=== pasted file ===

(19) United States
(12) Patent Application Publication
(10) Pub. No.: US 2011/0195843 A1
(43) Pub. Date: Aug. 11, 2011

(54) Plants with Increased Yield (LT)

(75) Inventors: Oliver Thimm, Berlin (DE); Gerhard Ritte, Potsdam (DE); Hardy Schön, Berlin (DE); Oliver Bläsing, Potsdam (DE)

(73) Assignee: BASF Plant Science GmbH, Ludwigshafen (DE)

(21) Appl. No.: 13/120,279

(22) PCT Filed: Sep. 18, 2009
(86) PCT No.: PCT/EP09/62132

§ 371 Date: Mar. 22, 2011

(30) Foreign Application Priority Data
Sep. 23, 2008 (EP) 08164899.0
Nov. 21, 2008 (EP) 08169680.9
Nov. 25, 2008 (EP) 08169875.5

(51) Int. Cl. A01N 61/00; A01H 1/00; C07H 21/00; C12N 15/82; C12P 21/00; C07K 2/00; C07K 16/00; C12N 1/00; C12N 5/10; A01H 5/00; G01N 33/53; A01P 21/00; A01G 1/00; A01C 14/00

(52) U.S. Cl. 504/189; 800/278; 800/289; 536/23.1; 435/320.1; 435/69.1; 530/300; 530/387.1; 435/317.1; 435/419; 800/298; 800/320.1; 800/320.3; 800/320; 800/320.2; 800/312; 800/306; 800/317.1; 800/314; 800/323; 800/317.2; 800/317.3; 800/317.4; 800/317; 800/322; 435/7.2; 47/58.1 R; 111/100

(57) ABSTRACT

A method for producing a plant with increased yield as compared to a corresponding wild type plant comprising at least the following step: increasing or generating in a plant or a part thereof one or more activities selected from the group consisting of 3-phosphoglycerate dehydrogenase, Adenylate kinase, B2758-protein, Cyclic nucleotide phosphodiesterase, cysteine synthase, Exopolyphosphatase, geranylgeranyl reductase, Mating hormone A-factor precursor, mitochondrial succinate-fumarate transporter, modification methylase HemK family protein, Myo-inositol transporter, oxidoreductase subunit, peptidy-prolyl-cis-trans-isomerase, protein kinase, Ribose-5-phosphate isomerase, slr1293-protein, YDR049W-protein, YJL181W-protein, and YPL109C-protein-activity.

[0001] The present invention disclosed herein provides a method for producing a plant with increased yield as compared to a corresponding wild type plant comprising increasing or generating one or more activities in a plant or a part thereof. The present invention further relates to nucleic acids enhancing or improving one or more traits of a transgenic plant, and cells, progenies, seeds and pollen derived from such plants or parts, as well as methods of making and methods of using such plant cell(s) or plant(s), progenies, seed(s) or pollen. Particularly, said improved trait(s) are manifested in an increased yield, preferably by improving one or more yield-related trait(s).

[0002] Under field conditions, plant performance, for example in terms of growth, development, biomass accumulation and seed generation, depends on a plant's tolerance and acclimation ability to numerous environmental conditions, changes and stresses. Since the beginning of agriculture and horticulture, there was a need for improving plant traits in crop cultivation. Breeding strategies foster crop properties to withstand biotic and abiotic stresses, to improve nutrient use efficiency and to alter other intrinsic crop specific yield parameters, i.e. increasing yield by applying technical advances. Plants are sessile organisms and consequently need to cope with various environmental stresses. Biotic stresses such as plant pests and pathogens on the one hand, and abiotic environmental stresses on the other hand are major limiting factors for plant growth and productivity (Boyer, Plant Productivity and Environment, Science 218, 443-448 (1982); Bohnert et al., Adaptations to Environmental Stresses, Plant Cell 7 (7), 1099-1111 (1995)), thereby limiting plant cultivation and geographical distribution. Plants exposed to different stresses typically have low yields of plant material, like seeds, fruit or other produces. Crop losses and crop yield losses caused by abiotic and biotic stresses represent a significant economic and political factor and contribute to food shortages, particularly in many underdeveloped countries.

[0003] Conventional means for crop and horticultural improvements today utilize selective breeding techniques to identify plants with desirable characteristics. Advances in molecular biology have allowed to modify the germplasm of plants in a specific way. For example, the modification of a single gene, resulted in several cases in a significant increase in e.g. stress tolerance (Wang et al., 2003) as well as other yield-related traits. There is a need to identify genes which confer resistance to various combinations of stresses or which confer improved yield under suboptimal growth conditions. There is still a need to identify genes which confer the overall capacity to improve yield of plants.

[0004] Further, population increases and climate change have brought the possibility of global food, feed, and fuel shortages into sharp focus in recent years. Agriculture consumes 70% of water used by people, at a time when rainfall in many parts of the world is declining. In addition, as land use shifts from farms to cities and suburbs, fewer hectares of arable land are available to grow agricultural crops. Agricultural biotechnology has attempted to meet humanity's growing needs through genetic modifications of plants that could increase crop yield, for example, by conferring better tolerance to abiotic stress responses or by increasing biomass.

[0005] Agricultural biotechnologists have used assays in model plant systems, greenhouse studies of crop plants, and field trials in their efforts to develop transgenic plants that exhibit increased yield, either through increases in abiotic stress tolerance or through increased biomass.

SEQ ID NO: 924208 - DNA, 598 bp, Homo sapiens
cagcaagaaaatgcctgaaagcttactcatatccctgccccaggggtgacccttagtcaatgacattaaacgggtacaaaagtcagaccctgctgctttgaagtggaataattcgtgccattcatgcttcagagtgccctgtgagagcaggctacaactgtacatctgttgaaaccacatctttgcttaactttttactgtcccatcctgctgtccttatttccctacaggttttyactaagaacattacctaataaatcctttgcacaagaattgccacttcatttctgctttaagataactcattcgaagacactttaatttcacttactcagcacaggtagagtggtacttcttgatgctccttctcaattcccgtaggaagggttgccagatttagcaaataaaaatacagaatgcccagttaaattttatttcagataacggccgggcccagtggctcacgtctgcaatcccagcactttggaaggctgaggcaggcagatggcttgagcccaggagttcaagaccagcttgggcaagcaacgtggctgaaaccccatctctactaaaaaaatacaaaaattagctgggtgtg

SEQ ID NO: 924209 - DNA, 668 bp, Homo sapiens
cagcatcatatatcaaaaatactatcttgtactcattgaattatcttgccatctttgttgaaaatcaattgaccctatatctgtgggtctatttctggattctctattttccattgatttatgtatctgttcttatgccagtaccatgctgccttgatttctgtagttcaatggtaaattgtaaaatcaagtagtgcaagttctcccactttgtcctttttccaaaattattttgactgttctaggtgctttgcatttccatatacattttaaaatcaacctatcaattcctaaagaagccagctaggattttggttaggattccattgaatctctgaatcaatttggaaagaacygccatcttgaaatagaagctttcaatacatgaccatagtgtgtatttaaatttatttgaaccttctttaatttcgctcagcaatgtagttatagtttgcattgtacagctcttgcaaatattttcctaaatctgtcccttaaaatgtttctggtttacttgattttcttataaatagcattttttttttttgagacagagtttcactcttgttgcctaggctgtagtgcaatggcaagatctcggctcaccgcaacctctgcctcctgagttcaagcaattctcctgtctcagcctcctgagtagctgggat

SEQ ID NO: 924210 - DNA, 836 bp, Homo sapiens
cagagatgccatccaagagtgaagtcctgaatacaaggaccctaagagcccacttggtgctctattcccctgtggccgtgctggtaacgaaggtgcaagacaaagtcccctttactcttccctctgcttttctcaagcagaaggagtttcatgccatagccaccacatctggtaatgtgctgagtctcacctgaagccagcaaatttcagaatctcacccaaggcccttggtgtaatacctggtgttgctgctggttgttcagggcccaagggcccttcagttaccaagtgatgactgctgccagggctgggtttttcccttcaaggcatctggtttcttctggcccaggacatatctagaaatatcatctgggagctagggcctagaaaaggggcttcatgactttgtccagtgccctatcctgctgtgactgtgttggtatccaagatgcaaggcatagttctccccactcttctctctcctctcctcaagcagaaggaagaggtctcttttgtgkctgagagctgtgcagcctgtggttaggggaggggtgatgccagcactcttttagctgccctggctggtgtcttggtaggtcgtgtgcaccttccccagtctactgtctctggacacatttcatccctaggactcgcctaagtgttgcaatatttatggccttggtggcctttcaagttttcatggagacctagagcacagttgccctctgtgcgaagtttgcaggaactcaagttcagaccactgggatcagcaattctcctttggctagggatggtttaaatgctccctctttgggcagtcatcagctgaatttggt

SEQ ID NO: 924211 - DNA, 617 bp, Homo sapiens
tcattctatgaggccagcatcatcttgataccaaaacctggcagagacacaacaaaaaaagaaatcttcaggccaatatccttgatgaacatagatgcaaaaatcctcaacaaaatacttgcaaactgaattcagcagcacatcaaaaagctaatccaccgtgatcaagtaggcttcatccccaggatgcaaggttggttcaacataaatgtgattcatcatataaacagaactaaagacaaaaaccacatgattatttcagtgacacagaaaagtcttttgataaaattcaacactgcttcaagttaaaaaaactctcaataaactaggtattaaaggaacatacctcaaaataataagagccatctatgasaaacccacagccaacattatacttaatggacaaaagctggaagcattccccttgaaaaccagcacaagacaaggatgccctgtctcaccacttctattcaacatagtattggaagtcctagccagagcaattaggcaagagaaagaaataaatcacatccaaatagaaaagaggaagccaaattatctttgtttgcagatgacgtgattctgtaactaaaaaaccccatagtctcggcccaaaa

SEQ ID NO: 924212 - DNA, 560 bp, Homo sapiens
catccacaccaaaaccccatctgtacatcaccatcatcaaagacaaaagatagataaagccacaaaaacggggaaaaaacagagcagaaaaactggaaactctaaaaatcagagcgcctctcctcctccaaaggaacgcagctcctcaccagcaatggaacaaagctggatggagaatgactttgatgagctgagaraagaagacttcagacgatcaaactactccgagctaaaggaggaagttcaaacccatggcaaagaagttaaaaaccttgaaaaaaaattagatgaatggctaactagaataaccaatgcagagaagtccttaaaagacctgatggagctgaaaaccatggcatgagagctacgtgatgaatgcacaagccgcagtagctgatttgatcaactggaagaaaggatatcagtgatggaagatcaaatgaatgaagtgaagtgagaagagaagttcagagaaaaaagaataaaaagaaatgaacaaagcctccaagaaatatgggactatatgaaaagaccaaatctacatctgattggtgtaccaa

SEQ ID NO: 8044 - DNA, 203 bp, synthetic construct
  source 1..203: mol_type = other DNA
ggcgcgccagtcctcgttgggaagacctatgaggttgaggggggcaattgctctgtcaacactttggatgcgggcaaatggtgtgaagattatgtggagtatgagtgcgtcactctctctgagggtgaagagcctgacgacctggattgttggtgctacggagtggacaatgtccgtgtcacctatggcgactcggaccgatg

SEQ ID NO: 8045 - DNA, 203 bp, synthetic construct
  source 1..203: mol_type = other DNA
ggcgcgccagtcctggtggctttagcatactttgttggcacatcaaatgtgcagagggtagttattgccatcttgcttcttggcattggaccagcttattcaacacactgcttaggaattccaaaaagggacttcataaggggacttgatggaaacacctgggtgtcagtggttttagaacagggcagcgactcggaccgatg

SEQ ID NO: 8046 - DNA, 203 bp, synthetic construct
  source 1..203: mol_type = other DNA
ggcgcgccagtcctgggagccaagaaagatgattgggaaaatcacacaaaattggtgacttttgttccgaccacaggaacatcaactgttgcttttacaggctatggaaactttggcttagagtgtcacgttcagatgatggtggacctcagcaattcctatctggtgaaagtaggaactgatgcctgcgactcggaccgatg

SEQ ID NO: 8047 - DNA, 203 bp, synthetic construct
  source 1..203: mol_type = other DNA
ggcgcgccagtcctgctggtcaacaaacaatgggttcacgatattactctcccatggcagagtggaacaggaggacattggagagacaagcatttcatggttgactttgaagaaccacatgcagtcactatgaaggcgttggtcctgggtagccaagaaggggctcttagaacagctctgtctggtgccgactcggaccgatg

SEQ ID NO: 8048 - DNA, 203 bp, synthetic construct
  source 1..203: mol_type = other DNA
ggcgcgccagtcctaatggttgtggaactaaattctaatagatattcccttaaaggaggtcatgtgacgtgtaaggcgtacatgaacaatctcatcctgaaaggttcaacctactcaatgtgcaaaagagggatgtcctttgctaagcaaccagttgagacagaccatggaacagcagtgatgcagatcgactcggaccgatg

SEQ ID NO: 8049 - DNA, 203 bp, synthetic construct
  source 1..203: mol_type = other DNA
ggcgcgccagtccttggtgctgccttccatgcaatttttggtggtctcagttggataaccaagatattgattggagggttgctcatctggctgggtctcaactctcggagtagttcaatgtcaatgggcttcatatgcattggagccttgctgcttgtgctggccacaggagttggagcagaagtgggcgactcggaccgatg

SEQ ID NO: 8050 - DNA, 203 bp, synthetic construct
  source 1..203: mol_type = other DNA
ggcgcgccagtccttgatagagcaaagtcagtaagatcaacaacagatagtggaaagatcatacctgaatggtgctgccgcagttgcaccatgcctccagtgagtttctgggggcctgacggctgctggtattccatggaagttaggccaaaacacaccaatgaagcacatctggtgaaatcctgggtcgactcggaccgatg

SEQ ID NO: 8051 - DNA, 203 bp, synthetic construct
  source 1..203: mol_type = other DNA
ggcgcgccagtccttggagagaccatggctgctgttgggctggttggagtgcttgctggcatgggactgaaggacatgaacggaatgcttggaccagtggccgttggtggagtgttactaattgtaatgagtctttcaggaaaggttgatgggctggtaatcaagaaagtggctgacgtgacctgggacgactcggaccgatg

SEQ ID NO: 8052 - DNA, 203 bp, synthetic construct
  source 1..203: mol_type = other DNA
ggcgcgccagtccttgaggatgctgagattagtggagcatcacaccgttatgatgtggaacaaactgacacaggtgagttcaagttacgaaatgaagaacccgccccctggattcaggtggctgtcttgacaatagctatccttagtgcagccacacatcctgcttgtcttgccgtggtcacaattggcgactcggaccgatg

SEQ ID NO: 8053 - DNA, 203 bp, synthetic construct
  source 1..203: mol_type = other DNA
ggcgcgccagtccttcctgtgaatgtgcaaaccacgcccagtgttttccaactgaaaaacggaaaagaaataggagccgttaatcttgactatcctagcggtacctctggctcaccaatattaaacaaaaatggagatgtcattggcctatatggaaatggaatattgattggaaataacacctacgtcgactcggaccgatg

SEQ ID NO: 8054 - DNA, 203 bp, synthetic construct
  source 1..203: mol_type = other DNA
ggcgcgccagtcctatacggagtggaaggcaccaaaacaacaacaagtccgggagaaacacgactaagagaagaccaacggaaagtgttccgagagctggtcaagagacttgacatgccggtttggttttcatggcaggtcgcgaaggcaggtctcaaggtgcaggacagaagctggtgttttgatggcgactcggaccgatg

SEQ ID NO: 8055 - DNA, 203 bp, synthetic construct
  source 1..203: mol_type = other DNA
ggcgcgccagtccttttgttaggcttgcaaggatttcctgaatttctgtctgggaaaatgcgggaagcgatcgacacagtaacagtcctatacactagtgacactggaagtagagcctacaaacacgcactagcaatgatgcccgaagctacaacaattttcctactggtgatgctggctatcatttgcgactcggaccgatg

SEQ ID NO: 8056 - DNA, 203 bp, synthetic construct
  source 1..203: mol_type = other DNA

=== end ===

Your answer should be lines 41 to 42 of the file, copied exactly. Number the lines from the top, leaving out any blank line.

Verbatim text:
SEQ ID NO: 8046 - DNA, 203 bp, synthetic construct
  source 1..203: mol_type = other DNA